Tilcara Carnival Featured in
Every year the north-west of Argentina celebrates the Carnival of the Devil (Diablos Festivos) to glorify Mother Earth. The tradition stems from a centuries-old belief of the devil symbolizing the red sun which fertilizes the soil. For the Carnival, hundreds of men dress up as devils to sing and dance down a hillside to the rhythm of drums and perform ancient rituals. Their costumes are made of sparkles, beads, bells, and feathers. The main attribute is a fancy devil mask.
The event takes place in Tilcara, a city located in the centre of the Quebrada de Humahuaca in Jujuy Province. Traditionally the Carnival takes place between late February and early March. The action starts with the morning ceremony of “unearthing the carnival.” All the participants move to a magical place—a cluster of rocks known as Mojón carrying Pu Jillay (a devil effigy) passing it from hand to hand and throwing into the air with shouts of euphoria.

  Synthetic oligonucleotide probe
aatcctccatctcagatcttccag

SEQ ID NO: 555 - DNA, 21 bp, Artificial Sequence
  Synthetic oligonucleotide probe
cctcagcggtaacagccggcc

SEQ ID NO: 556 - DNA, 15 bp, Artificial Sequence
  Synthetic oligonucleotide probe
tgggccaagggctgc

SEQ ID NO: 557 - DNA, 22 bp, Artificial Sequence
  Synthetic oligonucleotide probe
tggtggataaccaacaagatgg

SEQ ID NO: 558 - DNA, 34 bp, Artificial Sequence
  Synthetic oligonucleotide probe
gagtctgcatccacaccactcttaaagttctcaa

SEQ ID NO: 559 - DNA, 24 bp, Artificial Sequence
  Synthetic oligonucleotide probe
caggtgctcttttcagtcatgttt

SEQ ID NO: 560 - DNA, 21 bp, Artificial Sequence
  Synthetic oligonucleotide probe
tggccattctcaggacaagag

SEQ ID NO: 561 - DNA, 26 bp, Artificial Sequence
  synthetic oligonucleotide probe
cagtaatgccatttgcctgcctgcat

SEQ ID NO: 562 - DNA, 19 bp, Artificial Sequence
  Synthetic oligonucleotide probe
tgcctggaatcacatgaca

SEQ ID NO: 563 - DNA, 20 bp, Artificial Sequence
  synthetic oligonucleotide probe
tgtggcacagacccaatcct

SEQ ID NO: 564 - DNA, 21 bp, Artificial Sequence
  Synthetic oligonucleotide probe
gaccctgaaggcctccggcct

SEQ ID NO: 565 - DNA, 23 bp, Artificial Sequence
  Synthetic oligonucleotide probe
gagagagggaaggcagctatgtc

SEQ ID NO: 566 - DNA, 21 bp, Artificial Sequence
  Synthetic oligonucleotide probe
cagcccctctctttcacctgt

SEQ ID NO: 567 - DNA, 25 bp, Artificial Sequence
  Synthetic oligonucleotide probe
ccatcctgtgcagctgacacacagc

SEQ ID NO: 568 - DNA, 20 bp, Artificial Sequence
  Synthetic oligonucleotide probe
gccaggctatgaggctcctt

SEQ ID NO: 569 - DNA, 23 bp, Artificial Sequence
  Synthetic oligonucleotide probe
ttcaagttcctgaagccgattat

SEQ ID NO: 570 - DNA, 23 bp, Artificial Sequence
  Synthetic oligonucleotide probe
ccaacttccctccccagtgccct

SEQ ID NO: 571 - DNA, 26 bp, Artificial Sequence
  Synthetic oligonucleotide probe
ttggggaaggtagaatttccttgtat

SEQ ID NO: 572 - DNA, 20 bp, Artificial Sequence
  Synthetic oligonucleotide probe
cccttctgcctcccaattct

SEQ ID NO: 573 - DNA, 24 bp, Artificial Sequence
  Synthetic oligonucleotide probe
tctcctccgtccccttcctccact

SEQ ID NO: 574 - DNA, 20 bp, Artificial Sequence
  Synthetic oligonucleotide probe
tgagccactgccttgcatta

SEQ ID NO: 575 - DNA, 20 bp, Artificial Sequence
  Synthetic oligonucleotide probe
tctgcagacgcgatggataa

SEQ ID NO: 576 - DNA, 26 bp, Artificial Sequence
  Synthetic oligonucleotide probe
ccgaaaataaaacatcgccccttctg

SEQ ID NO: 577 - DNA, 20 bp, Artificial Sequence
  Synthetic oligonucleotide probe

The devil is a symbol of fertilising or propagating Pacha Mama (the Mother Earth). People dig and unearth the devil, dance and sing, make barbeque, put food, coca leaves, cigarettes, flowers, and so on in the hole dug as offerings to Mother Earth. After this ceremony men march the town's streets singing songs and dancing. Only men participate in this part of the Carnival. The "devils" can't reveal who they are and have to wear the masks throughout the festivities.
The Carnival proceeds with merriments over nine days until the burial of the devil doll. It all ends at the same place where it started—the devil is newly buried along with offerings to remain in the earth till the next year's celebration.